Because Of Goats, Hawaii Has Its Very First Carbon Neutral Restaurant

Hawaii officially has its first carbon neutral restaurant. The Waimea-based restaurant Merriman's recently announced its 2023 sustainability plan. By partnering with the non-profit GreenPlaces, it was able to identify its largest carbon contributors, and make innovative changes to the restaurant's structure to reach carbon neutrality.

The restaurant's founding chef Peter Merriman has always been focused on "doing the right thing" ever since his restaurant first opened in 1988. He had been working for years as the head of Hawaii Regional Cuisine to develop the local foodways and agriculture of the Hawaiian islands. Most of the island's agriculture was focused on profiting on cane sugar and pineapple for export, but Merriman worked to start developing local agriculture instead of relying on food being shipped from far off places.

His goal for Merriman's has always been to care for the Hawaiian islands, and make it a sustainable place for farmers, fishermen, and his chefs. "Your little plot where you grew your taro was called your kuleana, and so that kuleana has come to mean responsibility. As a restaurateur in Hawai'i, I have a kuleana to help protect the islands and do as much as we can for the entire planet," Merriman told Food & Wine.

Seaweed-eating goats make a difference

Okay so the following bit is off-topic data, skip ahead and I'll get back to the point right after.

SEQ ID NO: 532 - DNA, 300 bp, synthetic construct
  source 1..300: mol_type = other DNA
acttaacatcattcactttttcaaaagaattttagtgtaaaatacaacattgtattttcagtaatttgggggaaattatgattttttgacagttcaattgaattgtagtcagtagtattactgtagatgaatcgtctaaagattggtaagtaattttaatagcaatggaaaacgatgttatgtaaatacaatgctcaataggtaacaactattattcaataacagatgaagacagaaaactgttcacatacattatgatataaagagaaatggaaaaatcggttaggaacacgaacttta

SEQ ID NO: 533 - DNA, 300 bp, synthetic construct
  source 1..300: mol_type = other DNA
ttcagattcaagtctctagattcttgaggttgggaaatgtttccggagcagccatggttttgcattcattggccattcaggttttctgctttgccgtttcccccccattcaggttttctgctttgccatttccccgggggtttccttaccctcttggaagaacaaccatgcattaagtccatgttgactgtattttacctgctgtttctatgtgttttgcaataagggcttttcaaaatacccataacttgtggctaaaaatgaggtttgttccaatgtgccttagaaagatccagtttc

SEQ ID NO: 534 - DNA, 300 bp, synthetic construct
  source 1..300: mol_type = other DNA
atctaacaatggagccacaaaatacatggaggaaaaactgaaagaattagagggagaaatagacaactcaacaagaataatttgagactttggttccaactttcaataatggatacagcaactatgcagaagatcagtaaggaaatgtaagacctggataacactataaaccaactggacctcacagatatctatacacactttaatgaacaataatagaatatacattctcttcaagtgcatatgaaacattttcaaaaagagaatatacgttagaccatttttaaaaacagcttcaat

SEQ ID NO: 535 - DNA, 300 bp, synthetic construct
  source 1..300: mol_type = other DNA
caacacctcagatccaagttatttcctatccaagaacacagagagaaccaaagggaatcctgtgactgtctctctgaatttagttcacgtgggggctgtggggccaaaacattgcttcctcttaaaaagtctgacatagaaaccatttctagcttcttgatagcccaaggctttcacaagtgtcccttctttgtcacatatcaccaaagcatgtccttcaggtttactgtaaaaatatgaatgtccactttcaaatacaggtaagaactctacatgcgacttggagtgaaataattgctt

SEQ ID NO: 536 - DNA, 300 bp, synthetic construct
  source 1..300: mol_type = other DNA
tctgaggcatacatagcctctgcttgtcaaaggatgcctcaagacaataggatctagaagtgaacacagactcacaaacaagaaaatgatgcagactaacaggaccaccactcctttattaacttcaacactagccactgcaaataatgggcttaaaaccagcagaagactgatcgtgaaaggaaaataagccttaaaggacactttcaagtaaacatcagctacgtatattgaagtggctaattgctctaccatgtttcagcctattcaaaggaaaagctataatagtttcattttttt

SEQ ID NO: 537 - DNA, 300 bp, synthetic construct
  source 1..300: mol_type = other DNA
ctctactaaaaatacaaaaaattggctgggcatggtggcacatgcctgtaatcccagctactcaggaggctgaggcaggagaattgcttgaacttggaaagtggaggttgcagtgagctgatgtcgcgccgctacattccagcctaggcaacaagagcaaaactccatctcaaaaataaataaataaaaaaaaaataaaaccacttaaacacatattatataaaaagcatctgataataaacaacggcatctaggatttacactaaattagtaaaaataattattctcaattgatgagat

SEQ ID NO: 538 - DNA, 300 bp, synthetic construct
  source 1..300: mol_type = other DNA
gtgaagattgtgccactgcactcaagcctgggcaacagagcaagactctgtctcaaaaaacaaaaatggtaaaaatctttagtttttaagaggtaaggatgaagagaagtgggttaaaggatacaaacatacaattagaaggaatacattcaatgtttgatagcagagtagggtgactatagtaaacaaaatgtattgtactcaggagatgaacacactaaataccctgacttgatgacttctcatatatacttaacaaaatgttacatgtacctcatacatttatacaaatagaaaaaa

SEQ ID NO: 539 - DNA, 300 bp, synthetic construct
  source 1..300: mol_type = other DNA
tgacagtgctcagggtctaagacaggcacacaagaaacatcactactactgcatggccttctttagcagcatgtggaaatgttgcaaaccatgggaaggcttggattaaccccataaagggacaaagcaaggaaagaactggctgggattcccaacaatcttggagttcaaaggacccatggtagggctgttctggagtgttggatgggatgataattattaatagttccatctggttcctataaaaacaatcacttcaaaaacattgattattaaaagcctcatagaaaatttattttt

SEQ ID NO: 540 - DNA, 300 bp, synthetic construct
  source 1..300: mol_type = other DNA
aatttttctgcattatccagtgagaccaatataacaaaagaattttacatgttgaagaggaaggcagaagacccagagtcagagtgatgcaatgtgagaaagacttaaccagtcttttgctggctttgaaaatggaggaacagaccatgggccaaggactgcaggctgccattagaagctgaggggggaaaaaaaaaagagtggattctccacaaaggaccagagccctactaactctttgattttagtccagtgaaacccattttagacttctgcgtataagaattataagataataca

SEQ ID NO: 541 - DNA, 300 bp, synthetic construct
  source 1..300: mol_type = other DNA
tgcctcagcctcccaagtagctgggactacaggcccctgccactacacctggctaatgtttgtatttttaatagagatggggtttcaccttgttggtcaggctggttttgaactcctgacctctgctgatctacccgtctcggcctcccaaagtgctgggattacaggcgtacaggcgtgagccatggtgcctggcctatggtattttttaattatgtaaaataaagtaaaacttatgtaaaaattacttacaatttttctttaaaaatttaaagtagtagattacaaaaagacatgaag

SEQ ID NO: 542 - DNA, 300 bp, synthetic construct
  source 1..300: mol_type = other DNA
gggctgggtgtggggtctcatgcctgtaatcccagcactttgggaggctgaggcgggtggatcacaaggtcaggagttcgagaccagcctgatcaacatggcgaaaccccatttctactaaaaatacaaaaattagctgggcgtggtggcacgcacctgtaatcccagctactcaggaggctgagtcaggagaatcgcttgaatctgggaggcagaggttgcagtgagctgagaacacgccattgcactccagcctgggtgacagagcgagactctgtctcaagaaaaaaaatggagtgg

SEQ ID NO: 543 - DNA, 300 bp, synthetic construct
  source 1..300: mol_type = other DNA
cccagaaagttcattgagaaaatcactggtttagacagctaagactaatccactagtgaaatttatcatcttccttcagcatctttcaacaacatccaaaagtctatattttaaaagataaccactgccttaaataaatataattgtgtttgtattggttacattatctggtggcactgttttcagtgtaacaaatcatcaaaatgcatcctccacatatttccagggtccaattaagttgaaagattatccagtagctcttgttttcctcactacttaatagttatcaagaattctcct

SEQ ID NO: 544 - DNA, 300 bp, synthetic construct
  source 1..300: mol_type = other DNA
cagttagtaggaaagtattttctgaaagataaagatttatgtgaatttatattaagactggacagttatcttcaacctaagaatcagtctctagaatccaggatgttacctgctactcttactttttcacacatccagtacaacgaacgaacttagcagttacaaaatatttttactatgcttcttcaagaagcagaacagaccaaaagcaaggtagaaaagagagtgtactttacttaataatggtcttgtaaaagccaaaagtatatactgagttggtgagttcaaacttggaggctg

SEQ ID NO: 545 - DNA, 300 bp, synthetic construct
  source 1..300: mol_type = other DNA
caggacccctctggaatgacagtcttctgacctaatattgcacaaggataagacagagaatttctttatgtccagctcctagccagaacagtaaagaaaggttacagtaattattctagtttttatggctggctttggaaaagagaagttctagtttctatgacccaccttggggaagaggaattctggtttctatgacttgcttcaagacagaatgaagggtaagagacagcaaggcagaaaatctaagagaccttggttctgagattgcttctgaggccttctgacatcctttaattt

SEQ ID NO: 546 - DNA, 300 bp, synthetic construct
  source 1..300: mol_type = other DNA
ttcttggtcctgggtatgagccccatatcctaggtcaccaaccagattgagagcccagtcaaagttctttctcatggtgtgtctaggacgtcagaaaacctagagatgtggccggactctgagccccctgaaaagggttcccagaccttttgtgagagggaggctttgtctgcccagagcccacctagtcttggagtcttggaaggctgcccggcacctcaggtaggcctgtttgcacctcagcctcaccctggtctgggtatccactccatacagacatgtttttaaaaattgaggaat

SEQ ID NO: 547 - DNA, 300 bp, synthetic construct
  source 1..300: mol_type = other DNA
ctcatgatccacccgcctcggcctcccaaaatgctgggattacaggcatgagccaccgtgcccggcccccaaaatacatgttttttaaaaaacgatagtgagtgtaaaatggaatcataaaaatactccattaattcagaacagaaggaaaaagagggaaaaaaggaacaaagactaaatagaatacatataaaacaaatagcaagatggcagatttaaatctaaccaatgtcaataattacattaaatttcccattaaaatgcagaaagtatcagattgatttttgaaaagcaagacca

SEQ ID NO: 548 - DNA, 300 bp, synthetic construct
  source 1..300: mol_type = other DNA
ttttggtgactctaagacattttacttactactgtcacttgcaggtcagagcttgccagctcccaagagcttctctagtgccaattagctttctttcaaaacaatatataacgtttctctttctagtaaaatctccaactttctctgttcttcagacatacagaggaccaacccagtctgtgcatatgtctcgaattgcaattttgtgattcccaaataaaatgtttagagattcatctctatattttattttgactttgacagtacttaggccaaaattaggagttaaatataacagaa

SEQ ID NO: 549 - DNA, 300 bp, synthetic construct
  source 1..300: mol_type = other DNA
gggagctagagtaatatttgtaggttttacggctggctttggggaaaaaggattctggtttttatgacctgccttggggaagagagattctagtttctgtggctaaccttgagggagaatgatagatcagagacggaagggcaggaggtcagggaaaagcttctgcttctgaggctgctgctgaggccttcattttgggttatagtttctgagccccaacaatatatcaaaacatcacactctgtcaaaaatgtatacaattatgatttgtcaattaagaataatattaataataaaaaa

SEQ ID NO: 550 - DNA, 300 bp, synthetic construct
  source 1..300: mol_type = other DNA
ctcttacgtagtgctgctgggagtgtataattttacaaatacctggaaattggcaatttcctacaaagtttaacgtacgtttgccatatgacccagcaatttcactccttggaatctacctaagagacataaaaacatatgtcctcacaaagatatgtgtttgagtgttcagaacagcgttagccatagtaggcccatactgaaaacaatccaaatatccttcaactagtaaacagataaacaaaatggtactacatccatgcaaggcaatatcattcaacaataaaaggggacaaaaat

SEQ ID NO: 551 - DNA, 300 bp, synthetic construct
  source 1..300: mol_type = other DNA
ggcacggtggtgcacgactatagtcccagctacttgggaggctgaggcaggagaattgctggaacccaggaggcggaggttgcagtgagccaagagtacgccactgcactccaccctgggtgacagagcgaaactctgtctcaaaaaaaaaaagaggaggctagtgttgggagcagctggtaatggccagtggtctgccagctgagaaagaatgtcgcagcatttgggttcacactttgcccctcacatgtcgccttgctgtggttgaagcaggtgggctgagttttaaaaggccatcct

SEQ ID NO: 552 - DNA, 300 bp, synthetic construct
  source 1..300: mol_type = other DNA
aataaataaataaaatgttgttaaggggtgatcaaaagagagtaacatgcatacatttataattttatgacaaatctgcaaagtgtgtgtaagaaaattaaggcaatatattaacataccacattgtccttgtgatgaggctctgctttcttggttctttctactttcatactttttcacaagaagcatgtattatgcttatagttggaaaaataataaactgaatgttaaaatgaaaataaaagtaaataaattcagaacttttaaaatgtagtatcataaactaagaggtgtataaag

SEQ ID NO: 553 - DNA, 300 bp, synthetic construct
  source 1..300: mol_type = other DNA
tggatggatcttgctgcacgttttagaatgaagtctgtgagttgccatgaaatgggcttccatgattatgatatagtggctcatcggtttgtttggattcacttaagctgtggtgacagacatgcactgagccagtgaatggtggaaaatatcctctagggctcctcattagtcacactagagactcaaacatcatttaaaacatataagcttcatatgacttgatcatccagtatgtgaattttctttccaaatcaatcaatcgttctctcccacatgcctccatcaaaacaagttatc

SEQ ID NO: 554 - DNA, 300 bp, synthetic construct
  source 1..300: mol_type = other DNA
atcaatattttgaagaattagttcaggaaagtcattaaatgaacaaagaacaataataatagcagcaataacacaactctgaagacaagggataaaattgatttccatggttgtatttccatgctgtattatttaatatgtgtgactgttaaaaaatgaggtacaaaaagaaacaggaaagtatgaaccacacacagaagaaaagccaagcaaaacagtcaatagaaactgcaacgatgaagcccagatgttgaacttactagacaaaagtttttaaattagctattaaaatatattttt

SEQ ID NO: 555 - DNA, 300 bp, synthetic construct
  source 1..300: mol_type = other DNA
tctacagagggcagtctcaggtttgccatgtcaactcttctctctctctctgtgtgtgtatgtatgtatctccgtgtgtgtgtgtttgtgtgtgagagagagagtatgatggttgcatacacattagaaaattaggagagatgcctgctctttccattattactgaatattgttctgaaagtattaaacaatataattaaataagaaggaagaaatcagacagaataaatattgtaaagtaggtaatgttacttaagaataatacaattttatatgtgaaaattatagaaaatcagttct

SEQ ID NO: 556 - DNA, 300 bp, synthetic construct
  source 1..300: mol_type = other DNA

Food & Wine reports that reaching carbon neutrality started with an assessment of the restaurant's carbon footprint. This was conducted with the help of GreenPlaces, and found that there were several areas that were large contributors which could be addressed. The restaurant already had some sustainable practices — such as solar panels in place — but still needed to make other large shifts toward reducing its footprint.

One surprisingly large source of carbon emissions for the restaurant was actually the goats that supply its cheese. The methane emissions from goats and other livestock are a significant contributor to greenhouse gasses. To counter this, they started sourcing their goat milk from Hawaii Island Goat Dairy, who feed their goats a diet of limu kohu seaweed, which in turn reduces their emissions by 85%.

Food & Wine says that Merriman's also committed to swapping out all of its natural gas-fueled stoves with electric induction units, and replacing the bottles used for its wine and spirits. The process of creating and shipping these heavy bottles makes up 29% of the wine industry's carbon footprint, and so Merriman's has partnered with suppliers to use lighter bottles instead.

Carbon neutral also means that there is an effort to offset the inevitable carbon impact that comes with doing business. To do this, Merriman's supports the Klawock Heenya Forestry Project in Alaska, and the Pacajai REDD+ Rainforest Project in Brazil, and hopes to support more projects in Hawaii this year. "The restaurant business is a reflection of society, and [sustainability] is important for our industry, not just in Hawai'i, but all over," Merriman revealed. "We can at least do our part."